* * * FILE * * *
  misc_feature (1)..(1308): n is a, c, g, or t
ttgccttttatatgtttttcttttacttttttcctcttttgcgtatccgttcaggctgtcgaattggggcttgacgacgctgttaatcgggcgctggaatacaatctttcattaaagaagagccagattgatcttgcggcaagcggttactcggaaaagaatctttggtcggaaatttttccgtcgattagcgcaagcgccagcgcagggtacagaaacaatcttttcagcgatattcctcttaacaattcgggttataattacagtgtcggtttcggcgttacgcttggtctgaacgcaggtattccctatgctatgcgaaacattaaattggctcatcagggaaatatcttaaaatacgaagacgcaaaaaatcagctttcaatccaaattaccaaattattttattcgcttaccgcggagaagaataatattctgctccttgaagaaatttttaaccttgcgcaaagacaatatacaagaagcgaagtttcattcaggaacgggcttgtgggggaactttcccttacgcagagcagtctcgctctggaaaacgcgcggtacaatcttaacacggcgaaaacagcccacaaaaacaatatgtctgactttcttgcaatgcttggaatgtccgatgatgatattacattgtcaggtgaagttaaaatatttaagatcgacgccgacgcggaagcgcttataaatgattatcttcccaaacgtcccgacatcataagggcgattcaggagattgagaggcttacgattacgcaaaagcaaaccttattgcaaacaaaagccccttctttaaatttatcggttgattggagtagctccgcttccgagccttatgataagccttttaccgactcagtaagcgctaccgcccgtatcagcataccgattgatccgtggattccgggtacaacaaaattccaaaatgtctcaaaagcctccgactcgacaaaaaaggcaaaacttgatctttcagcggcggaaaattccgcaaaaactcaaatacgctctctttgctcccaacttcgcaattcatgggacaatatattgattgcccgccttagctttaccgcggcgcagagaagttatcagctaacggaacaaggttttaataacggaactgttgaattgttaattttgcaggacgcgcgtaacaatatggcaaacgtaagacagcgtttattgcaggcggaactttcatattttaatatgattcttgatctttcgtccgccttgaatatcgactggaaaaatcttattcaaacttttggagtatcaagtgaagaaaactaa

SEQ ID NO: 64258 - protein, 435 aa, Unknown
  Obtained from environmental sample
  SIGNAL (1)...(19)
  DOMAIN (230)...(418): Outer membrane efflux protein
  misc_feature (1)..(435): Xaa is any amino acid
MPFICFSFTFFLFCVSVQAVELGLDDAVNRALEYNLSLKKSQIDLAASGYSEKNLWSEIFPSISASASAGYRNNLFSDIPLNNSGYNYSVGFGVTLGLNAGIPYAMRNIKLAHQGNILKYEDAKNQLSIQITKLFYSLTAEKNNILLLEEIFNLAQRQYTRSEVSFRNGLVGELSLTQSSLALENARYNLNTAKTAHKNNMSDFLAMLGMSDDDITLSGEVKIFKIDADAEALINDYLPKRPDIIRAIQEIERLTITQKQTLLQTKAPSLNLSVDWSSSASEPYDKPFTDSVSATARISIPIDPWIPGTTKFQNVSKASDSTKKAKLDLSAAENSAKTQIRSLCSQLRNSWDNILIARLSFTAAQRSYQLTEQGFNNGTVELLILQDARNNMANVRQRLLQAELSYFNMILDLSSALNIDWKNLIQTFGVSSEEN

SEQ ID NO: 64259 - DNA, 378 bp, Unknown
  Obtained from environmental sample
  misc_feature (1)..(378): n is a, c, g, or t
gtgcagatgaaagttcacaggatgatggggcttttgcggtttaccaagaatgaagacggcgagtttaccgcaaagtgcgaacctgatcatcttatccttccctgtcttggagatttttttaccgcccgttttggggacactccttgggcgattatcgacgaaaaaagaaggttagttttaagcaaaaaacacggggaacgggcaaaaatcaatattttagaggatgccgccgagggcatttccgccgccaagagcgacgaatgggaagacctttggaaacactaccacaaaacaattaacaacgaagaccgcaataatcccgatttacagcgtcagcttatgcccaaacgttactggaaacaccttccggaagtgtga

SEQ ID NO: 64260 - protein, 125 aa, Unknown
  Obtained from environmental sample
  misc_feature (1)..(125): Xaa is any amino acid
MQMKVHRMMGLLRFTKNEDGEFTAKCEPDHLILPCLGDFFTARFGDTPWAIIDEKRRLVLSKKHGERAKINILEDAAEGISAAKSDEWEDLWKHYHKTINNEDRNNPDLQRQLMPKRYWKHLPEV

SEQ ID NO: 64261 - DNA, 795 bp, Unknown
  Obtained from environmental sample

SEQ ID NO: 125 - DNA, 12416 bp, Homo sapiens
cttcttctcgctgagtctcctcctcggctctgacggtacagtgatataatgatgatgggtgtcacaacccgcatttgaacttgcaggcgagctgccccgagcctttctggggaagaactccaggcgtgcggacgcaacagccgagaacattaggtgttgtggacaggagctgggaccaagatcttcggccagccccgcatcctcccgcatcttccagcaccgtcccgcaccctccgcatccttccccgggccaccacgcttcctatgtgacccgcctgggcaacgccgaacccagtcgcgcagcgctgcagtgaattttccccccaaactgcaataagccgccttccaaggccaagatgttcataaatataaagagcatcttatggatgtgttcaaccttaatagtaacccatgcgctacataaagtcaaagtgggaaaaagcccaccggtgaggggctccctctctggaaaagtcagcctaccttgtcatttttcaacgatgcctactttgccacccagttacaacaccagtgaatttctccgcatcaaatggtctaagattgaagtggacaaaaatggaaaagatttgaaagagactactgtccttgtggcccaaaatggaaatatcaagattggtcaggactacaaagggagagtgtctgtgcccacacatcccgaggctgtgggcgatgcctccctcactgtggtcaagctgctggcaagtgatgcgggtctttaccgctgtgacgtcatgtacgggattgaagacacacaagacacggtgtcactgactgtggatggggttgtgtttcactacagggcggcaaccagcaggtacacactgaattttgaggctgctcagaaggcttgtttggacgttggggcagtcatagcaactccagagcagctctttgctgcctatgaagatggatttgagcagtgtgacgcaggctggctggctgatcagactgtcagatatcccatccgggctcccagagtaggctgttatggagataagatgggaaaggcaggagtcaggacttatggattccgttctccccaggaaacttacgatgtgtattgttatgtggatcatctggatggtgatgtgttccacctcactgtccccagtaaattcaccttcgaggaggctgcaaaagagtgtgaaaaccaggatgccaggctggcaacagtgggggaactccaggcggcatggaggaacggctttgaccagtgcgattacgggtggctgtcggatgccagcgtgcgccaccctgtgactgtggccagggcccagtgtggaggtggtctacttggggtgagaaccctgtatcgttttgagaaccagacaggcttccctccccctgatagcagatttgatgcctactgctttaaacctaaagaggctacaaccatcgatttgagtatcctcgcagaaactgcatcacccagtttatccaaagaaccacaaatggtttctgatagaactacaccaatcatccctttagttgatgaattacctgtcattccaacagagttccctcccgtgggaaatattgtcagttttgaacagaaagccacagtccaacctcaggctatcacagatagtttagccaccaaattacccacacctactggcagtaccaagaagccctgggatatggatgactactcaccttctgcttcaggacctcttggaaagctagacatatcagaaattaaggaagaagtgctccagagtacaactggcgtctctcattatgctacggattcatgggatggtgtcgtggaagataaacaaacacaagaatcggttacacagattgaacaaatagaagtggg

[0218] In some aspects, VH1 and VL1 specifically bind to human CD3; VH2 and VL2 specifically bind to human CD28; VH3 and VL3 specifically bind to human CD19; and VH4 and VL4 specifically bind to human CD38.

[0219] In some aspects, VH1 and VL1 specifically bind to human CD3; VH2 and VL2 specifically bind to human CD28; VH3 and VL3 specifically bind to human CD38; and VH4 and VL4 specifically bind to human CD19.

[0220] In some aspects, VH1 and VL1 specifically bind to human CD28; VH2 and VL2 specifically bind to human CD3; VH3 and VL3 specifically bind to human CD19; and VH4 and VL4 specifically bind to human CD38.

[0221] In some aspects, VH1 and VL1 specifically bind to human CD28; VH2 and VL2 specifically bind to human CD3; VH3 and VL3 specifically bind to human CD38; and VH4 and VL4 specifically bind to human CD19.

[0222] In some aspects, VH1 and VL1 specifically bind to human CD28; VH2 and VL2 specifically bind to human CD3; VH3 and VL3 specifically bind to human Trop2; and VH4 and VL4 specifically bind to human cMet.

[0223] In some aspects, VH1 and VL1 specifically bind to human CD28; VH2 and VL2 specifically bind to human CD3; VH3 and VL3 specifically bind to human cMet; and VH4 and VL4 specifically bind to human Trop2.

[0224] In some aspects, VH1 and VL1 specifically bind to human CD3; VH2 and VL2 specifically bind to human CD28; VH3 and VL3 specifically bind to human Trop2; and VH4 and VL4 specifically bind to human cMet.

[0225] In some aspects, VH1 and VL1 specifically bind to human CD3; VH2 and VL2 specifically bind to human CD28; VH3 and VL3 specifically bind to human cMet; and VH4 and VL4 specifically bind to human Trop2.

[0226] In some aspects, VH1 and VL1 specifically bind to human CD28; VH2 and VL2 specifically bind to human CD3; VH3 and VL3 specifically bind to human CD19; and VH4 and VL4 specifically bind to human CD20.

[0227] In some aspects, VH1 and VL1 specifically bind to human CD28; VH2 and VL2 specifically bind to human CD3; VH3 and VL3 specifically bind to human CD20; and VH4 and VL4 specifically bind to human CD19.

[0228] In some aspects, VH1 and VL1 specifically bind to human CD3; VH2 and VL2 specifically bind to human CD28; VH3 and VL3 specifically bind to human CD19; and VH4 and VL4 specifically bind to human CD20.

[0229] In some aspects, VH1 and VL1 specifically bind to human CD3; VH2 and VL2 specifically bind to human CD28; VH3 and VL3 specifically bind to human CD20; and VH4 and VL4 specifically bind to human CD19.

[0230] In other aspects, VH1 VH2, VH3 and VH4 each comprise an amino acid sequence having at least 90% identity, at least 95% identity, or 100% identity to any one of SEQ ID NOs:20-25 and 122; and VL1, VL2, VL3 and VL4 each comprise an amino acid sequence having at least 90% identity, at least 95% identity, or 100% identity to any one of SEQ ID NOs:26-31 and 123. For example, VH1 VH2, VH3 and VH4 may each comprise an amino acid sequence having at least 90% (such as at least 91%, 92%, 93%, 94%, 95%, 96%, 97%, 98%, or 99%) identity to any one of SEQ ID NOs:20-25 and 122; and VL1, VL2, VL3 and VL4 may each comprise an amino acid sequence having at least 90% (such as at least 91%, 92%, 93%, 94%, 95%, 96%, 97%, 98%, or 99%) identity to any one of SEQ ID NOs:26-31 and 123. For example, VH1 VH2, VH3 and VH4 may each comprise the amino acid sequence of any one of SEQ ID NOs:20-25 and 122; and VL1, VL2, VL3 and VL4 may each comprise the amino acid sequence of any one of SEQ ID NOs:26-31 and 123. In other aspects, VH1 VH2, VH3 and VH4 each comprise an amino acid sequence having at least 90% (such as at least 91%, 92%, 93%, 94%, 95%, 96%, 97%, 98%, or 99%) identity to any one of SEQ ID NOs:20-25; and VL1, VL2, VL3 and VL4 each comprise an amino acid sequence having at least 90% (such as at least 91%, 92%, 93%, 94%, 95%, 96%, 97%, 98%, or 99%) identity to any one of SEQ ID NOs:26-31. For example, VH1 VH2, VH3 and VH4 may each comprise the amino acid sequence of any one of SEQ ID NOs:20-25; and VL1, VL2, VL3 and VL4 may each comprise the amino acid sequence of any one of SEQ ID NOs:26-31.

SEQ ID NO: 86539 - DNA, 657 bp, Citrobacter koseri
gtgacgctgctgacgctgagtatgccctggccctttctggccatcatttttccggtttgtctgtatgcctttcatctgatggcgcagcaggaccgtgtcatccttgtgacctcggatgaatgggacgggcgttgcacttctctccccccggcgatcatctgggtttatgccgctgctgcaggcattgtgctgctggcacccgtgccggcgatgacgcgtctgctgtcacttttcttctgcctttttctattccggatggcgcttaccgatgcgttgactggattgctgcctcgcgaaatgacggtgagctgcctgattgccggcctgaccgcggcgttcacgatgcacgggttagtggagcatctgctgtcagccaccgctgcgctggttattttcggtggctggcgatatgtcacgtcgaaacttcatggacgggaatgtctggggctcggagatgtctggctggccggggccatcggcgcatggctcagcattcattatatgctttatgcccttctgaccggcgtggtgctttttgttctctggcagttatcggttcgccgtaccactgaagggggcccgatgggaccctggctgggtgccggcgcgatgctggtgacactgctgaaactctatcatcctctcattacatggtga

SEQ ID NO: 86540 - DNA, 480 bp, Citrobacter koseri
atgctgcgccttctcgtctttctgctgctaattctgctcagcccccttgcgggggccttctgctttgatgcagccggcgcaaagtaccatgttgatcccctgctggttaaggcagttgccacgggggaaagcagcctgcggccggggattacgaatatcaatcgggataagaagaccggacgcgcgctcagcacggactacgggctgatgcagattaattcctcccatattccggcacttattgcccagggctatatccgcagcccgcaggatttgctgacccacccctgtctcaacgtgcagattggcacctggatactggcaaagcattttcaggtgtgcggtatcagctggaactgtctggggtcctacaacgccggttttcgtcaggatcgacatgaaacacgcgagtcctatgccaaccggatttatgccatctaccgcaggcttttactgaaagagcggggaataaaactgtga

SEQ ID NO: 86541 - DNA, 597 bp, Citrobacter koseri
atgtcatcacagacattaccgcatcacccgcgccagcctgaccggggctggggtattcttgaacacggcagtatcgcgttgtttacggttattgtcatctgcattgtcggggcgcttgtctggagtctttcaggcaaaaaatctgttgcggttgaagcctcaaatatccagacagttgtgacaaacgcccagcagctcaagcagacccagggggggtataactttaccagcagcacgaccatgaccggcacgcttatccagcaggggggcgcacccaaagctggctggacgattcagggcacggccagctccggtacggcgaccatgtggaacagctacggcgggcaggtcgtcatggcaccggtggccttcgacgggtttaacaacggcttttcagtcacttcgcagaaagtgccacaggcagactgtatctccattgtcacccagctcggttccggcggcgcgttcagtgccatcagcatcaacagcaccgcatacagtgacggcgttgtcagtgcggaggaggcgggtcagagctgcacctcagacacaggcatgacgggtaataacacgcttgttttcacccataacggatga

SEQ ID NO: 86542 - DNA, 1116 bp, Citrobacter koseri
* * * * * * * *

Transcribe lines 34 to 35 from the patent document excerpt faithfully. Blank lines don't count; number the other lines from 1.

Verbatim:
SEQ ID NO: 86539 - DNA, 657 bp, Citrobacter koseri
gtgacgctgctgacgctgagtatgccctggccctttctggccatcatttttccggtttgtctgtatgcctttcatctgatggcgcagcaggaccgtgtcatccttgtgacctcggatgaatgggacgggcgttgcacttctctccccccggcgatcatctgggtttatgccgctgctgcaggcattgtgctgctggcacccgtgccggcgatgacgcgtctgctgtcacttttcttctgcctttttctattccggatggcgcttaccgatgcgttgactggattgctgcctcgcgaaatgacggtgagctgcctgattgccggcctgaccgcggcgttcacgatgcacgggttagtggagcatctgctgtcagccaccgctgcgctggttattttcggtggctggcgatatgtcacgtcgaaacttcatggacgggaatgtctggggctcggagatgtctggctggccggggccatcggcgcatggctcagcattcattatatgctttatgcccttctgaccggcgtggtgctttttgttctctggcagttatcggttcgccgtaccactgaagggggcccgatgggaccctggctgggtgccggcgcgatgctggtgacactgctgaaactctatcatcctctcattacatggtga